First Reformed

Taxi Driver meets Silence. The light political stuff is mild, but you can see the Paul Schrader speak through it. Travis Bickle’s youthful rage has turned into elderly depression and sadness for the heirs of his generation.

A low level reverend, shepherding a small community, whose main job is showing the Dutch Colonial church to tourists, meets the bleakness of the world when it steers an environmental activist through the pregnancy of his wife. He fails spectacularly, but his single talk with the guy pushes him into a deep dive into an investigation into church dealings with the secular world, leading predictably into weeping and gnashing of teeth. This is exacerbated by his weak flesh and past transgressions.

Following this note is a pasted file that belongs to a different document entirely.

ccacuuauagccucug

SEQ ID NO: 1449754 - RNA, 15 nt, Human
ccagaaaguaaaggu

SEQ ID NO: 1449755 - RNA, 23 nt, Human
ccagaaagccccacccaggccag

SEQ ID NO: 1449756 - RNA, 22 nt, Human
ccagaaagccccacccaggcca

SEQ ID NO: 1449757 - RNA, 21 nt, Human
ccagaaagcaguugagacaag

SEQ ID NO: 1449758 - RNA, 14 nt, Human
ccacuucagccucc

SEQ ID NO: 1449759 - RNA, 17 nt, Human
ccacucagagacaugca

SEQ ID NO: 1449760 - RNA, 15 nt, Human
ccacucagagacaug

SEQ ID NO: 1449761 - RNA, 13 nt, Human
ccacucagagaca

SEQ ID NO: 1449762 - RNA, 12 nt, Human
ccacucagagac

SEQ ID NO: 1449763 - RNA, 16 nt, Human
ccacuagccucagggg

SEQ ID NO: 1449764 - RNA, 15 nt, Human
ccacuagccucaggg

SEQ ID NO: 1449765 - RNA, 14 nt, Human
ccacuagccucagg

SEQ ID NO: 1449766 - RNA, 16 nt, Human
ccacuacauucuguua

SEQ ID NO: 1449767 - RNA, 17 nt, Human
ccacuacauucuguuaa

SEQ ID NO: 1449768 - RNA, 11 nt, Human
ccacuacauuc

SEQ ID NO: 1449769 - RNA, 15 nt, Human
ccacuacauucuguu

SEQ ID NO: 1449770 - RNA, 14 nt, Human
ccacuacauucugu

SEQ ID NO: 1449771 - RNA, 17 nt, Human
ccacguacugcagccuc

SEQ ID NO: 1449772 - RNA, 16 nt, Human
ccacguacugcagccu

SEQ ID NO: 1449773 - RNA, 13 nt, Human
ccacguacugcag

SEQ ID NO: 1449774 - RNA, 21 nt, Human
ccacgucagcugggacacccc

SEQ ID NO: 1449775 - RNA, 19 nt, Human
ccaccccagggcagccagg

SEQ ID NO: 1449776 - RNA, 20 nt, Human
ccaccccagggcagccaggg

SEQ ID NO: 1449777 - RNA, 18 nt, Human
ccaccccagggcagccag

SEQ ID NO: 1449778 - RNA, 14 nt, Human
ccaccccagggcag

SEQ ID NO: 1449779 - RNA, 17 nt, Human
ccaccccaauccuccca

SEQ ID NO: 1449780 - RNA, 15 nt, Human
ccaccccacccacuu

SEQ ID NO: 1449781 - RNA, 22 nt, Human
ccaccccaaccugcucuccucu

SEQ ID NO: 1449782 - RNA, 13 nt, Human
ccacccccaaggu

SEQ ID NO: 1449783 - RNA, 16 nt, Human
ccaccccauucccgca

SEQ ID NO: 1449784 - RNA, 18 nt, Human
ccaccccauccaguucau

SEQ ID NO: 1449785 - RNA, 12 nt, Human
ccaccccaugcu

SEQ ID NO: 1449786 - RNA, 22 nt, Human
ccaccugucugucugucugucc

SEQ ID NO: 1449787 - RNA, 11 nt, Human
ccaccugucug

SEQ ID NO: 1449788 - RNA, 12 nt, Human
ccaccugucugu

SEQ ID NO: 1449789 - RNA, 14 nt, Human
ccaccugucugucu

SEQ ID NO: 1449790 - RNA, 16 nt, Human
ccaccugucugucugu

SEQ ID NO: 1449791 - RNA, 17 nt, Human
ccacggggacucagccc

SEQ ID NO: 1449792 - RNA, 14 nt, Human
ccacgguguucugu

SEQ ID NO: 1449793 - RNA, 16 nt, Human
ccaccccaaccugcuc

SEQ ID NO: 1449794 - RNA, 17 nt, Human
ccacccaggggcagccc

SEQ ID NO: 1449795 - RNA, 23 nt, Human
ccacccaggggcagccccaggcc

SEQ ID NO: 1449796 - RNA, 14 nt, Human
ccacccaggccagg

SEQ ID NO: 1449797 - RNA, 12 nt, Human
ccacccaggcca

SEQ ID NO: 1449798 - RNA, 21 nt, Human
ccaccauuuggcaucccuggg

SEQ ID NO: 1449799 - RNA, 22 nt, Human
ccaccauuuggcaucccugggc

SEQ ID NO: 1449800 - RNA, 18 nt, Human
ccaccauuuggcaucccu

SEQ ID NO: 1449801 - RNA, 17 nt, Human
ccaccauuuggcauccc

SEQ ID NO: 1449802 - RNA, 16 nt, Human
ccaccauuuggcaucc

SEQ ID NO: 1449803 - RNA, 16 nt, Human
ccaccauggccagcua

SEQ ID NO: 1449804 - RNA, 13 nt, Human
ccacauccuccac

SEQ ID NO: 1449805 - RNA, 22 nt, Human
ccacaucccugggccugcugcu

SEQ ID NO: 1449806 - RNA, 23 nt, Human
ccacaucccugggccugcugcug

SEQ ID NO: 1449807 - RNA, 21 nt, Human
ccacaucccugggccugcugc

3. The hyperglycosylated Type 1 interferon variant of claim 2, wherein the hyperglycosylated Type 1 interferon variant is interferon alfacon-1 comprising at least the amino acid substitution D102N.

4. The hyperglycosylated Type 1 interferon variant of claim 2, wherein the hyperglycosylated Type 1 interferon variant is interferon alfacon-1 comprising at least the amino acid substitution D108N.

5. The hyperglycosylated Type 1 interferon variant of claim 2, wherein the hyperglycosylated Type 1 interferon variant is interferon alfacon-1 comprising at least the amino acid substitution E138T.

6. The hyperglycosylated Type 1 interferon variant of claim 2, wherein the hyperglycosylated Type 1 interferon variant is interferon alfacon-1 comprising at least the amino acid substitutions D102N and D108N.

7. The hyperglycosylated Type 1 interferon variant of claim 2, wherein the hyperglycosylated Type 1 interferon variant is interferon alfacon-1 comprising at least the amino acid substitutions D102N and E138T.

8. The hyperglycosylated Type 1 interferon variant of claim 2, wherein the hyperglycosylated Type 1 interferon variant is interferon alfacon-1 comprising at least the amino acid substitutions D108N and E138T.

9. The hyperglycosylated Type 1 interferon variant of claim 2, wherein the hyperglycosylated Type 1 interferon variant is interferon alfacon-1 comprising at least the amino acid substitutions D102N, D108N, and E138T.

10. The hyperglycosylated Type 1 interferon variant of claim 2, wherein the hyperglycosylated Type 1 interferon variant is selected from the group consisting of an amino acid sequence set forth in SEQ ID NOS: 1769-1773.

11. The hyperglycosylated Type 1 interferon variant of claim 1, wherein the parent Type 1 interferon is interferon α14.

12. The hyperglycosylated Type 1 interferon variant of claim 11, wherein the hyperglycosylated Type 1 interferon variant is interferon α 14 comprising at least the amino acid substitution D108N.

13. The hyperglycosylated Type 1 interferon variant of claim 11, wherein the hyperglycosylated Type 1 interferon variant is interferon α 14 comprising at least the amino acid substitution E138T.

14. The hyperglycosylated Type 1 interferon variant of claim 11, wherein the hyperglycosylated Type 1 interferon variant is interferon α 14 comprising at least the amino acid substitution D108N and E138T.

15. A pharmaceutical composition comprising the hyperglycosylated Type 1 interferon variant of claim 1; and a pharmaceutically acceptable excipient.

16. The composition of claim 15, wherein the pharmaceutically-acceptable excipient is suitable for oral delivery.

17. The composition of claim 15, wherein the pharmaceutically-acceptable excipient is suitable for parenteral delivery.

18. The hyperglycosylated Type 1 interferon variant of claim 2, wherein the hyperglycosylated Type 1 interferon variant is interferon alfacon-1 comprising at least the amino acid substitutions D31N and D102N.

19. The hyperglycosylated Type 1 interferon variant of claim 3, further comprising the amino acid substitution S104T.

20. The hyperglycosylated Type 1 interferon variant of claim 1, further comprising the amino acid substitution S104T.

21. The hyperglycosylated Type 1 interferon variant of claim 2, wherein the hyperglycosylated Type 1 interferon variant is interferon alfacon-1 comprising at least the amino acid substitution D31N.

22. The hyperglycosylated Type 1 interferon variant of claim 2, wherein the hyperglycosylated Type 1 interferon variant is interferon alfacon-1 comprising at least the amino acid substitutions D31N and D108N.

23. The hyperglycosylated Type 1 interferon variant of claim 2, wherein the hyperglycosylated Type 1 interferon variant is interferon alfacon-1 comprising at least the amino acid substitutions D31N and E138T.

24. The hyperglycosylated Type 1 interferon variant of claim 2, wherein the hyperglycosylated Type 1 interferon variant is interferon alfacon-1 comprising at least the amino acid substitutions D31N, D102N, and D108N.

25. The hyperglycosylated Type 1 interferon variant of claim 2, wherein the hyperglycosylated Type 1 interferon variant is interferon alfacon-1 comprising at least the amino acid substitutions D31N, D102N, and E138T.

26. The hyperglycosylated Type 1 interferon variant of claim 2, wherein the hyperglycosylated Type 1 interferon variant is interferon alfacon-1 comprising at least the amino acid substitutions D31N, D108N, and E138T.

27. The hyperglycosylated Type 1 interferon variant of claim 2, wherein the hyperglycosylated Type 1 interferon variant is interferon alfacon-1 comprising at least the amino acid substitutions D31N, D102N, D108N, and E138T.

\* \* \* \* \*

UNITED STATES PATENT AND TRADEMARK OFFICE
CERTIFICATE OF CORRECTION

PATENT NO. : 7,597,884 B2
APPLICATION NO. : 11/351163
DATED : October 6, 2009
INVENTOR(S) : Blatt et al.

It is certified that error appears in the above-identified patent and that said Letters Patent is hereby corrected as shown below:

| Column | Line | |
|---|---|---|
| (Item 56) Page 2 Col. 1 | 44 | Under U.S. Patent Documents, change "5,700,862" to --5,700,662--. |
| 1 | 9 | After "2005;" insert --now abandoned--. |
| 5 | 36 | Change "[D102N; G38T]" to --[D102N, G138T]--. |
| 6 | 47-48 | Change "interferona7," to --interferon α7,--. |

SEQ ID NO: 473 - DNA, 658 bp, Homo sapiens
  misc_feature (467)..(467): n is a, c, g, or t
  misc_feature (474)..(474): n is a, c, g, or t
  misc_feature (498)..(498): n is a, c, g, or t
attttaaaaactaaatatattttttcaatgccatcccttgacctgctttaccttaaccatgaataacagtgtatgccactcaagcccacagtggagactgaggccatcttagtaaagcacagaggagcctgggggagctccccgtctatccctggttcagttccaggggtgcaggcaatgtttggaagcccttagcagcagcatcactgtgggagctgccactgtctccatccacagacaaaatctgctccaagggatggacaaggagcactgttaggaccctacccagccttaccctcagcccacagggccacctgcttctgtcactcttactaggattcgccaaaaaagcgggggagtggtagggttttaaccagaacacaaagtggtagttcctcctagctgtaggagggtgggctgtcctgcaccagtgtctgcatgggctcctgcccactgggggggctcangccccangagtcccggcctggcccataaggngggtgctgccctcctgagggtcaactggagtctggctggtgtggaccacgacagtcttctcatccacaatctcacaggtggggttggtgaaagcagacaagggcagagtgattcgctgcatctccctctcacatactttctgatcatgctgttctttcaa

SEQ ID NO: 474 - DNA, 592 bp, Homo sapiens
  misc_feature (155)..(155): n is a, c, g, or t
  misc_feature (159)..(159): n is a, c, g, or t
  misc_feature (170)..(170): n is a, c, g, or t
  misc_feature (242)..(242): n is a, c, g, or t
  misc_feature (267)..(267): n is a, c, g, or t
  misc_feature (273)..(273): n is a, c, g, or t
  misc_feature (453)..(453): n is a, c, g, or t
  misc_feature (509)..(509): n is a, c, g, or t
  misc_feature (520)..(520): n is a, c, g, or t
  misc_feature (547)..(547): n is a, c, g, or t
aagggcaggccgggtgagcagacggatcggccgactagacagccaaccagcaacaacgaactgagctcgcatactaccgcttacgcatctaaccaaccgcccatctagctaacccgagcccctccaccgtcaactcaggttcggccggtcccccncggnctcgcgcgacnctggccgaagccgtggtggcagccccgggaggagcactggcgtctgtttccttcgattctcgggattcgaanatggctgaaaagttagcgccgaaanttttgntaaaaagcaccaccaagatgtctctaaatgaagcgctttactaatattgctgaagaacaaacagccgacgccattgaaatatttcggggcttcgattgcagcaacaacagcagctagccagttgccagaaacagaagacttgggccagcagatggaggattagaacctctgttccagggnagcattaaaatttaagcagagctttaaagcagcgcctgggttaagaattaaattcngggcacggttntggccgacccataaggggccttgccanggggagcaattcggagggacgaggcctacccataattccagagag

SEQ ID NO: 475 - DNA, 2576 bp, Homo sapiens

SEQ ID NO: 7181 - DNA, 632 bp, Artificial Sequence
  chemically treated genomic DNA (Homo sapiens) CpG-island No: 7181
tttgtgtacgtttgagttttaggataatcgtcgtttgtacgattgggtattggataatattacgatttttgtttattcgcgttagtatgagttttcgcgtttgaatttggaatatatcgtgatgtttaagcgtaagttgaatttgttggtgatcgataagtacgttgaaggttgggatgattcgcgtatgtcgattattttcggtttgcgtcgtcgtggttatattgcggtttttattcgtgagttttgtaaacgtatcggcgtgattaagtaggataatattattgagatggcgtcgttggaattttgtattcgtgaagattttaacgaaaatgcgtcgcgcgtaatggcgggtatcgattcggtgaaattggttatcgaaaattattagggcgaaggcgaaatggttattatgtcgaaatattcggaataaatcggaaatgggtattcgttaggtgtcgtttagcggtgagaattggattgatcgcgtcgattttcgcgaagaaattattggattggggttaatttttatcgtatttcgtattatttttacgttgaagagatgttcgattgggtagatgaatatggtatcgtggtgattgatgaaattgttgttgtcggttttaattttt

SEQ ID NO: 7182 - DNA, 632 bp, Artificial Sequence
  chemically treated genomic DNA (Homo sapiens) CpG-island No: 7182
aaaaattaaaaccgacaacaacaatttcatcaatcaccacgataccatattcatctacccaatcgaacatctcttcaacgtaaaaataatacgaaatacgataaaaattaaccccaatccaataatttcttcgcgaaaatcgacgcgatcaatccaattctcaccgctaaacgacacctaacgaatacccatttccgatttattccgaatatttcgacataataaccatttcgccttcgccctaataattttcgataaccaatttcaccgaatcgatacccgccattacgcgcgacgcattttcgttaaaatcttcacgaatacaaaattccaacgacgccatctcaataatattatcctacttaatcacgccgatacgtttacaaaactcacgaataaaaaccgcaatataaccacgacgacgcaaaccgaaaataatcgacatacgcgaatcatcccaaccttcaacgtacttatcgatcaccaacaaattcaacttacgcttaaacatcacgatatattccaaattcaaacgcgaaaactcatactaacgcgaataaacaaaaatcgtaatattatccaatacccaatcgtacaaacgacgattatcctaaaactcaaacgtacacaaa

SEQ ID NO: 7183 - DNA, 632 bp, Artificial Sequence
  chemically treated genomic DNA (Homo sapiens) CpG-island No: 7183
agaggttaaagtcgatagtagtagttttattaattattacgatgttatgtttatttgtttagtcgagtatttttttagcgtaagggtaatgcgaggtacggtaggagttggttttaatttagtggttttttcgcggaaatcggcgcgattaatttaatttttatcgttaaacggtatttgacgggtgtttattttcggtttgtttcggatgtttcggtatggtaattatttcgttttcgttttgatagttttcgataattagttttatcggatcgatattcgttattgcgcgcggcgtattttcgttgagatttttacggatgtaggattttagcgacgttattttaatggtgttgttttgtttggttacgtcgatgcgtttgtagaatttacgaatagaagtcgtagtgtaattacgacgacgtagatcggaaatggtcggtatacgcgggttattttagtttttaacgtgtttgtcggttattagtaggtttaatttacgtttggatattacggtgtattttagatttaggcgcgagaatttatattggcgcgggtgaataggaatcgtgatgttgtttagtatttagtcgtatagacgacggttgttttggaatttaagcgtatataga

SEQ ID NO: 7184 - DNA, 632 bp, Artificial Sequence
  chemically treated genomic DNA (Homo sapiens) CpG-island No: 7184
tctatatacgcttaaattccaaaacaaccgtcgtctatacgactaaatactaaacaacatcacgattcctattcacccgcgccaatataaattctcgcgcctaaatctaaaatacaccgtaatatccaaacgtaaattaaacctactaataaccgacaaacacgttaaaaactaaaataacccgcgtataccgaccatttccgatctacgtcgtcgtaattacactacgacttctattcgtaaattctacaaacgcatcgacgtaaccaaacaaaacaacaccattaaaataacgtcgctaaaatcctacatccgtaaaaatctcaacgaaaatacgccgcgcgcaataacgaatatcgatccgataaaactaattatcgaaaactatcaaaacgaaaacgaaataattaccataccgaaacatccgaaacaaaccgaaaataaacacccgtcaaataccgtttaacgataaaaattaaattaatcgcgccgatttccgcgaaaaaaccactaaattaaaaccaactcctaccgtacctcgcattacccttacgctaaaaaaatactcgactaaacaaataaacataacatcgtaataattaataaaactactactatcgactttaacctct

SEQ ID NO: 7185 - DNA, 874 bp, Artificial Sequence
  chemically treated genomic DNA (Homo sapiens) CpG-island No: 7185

After the plot unfolds, he is ready to cleanse the world by fire and brimstone, but even that fails, although not by the wrong reasons.

The comparison with Silence makes no sense really. While that was about internal positions within the church, on the face of external aggressions, this is about the position of the church in the world, when it violates its core values and is complacent or conniving with aggressions on its own flock.


This is my place for ramblings about sequences of images that exploit the human visual limitation know as persistence of vision.

Ephemera of Vision